The graceful elegance of the Taj Mahal enchants millions of visitors each year. But many Agra, India, residents are beginning to view the 17th-century monument as a threat to their jobs.
They are worried about a decade-long lawsuit that says pollutants are eating away at the mausoleum and yellowing its white marble. Many people fear a court-ordered crackdown on emissions could force industry out of Agra.
M. C. Mehta, the lawyer who filed the suit now before India's Supreme Court, says the Taj Mahal is a national - even a world - treasure and its well-being should take precedence over other concerns.
That angers business owners and workers in this city. They argue that the engineering and handicrafts industries that employ hundreds of thousands of people benefit Agra more than the Taj Mahal.
''People come first, not the Taj,'' says S. M. Khandelwal, who heads a lobbying group for factories. He says the factories meet state pollution standards and could not operate if Mehta won. Few could afford to move elsewhere and would have to close, at a cost of 200,000 jobs, he warns.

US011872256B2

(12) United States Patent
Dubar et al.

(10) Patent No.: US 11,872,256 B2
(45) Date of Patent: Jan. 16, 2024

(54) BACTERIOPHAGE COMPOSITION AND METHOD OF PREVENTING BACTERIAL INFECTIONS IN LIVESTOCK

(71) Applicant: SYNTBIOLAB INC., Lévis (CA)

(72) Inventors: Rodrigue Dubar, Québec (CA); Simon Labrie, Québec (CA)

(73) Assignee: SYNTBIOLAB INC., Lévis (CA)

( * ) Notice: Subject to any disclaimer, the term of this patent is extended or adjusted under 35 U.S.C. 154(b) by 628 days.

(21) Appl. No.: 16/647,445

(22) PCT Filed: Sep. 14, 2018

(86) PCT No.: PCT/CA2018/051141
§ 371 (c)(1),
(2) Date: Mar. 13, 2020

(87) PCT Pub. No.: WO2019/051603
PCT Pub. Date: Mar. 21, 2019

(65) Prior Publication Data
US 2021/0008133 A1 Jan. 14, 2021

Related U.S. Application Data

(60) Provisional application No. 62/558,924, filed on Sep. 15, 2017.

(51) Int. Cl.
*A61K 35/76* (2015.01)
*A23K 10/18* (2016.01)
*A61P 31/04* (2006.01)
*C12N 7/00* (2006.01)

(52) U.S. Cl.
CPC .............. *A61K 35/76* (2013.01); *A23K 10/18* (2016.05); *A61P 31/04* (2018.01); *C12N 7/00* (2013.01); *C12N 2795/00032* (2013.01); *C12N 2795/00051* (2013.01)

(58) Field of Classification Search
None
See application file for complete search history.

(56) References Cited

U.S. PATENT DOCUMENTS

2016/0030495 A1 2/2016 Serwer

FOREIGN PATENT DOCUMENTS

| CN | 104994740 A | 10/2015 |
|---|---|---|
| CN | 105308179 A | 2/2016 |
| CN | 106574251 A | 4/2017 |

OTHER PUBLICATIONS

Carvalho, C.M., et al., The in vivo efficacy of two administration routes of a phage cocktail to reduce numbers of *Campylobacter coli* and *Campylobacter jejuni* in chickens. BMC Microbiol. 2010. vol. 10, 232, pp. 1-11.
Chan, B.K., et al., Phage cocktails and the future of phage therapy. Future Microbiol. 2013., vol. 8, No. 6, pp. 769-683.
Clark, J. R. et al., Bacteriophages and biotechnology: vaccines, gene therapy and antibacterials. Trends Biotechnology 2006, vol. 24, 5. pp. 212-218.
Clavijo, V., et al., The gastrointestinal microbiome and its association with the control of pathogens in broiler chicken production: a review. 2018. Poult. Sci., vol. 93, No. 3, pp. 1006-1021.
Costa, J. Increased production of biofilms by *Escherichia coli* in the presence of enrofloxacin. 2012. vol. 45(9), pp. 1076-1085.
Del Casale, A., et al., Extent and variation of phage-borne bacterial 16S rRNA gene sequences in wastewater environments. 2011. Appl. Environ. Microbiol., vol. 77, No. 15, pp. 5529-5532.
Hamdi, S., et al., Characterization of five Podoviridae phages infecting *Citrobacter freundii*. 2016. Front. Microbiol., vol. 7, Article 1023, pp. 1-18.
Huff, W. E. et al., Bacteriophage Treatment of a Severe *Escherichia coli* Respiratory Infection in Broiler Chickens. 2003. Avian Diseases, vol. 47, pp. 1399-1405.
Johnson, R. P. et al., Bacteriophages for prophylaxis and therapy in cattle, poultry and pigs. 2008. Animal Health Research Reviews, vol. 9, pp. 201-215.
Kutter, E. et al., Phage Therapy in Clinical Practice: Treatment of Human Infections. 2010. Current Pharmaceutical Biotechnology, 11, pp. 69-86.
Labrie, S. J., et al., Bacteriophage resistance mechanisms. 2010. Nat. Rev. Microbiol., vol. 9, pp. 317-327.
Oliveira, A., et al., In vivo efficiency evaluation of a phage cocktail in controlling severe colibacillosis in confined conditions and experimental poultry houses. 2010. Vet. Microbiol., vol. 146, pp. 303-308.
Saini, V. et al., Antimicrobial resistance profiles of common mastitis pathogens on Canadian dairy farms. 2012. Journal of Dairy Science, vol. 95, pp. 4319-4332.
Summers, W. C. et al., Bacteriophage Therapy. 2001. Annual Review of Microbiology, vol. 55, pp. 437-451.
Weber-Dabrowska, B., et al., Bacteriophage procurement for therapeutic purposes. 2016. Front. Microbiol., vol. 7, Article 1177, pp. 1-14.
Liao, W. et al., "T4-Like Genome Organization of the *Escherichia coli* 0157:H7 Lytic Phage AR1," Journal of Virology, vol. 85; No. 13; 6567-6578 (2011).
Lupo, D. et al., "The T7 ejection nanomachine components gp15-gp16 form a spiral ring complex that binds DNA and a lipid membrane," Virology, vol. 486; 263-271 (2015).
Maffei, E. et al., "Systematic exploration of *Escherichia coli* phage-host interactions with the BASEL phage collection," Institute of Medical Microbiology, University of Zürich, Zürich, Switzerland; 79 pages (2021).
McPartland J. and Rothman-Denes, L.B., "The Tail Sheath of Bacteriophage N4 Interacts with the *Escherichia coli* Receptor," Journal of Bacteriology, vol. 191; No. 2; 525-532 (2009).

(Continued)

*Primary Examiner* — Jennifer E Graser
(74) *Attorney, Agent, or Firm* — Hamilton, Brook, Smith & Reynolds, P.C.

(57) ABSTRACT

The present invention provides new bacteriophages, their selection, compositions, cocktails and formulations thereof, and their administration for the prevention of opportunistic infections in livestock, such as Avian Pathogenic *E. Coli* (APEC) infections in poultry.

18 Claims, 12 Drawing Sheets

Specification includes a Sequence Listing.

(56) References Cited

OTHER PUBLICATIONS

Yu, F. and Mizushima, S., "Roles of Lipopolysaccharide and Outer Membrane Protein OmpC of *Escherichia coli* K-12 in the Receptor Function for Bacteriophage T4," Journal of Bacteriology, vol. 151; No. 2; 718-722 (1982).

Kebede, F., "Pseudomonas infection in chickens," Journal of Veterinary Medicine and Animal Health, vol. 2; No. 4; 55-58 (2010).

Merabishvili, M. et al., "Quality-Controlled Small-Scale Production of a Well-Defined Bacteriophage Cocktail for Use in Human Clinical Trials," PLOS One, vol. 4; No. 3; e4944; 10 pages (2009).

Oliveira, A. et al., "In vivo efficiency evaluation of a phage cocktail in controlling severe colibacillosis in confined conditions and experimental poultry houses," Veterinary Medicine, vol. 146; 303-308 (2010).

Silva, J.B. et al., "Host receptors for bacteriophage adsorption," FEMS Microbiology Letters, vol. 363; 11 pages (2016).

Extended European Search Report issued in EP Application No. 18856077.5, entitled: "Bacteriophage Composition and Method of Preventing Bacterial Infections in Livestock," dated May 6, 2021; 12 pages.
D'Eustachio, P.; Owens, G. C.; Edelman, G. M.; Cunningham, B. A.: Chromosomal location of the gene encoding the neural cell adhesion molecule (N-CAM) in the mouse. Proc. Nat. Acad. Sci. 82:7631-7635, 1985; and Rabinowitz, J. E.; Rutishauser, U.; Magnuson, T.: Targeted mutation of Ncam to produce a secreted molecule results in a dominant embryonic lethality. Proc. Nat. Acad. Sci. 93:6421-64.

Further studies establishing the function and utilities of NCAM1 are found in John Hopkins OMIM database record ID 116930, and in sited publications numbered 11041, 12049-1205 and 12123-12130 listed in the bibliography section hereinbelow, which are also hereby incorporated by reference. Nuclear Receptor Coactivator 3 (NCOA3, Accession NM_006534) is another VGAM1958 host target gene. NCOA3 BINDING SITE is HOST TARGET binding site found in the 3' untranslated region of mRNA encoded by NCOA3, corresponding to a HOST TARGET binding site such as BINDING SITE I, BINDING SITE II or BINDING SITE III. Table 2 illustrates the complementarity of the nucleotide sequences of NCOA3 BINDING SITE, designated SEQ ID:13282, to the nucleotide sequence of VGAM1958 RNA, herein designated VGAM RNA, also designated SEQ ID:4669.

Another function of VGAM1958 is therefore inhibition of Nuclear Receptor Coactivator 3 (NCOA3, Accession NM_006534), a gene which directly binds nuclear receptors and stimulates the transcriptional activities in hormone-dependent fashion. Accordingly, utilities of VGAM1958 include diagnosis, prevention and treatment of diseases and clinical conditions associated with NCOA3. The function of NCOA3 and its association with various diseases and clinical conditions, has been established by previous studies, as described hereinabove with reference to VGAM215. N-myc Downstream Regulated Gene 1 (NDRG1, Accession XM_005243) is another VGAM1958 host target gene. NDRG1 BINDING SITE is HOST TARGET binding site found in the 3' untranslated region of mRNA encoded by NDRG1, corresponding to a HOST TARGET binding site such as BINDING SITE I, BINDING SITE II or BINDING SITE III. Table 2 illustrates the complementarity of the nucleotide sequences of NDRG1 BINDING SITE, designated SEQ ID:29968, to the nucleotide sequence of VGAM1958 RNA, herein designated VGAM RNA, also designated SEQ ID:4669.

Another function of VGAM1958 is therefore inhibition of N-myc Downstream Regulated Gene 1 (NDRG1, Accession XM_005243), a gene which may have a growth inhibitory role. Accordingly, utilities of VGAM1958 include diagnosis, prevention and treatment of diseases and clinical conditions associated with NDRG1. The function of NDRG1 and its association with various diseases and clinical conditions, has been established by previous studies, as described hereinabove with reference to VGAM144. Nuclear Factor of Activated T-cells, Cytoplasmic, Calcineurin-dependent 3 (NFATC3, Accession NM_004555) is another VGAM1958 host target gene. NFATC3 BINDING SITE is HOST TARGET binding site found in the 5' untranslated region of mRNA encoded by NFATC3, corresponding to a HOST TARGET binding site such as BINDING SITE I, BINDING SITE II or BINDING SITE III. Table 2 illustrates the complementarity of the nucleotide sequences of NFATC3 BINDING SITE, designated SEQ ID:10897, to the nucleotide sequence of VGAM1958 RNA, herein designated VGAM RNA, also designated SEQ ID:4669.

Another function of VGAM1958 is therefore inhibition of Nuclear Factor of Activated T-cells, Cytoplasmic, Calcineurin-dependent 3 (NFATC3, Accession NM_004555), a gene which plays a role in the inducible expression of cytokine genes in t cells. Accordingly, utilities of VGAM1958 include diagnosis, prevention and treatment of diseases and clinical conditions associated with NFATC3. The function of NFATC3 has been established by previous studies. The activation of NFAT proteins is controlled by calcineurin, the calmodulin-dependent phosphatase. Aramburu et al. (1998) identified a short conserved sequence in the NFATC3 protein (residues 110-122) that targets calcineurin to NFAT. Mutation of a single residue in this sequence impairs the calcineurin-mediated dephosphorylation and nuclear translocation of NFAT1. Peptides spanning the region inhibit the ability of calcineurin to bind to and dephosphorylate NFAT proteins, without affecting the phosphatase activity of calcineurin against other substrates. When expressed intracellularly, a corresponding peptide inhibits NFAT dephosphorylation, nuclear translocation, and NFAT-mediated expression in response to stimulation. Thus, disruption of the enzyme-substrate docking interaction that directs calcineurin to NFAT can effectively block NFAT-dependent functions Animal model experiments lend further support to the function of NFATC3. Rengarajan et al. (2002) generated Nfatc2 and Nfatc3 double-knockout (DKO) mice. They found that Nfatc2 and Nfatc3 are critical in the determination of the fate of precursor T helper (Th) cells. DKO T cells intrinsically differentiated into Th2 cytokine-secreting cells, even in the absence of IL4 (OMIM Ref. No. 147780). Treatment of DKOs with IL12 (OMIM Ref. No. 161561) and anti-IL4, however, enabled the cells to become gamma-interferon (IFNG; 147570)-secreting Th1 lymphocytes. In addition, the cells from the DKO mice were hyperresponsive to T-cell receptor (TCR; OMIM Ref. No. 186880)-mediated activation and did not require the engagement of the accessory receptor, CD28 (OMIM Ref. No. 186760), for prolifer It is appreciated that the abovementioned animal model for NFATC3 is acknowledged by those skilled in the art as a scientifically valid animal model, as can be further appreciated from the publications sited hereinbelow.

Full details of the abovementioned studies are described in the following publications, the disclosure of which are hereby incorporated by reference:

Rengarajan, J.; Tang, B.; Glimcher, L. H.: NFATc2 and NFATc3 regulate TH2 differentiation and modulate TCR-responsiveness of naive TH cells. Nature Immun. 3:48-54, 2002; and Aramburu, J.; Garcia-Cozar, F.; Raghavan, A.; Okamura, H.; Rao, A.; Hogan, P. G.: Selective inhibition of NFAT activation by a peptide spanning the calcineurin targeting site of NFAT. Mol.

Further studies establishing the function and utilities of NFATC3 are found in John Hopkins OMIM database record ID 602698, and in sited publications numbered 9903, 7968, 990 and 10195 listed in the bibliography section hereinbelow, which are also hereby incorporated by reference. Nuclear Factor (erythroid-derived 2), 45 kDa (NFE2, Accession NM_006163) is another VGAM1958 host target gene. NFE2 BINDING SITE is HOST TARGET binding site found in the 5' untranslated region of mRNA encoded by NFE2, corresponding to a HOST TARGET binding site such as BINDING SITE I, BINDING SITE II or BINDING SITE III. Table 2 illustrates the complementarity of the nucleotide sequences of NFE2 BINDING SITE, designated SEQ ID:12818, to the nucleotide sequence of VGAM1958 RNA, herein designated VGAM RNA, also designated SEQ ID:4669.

Mehta says industrialists are whipping up exaggerated fears of unemployment. He says they do not meet government pollution standards, and could do more to reduce emissions.
About 3 million tourists visit the Taj Mahal each year, and find a less-than pristine view.
Foundries pour out thick black smoke, trucks and motorized rickshaws belch gray exhaust, and diesel fumes waft from generators powering 30,000 homes and shops during daily power outages. Many experts think sulfur dioxide from the smoke is combining with moisture in the air to form sulfuric acid, which can eat into marble.
But not everyone agrees that air pollution is the problem. Some say that the yellowing of the Taj Mahal could be caused by age and that its tiny cracks result from normal structural shifting of the bricks and iron clamps supporting the marble.
The debate began when the federal government decided 20 years ago to build a big oil refinery at Mathura, 25 miles north of Agra, despite protests from environmentalists Foundry owners fault the refinery for the pollution problems.
Government studies say the foundries frequently exceed pollution standards, but state regulatory agencies often do not prosecute offenders because of political pressure.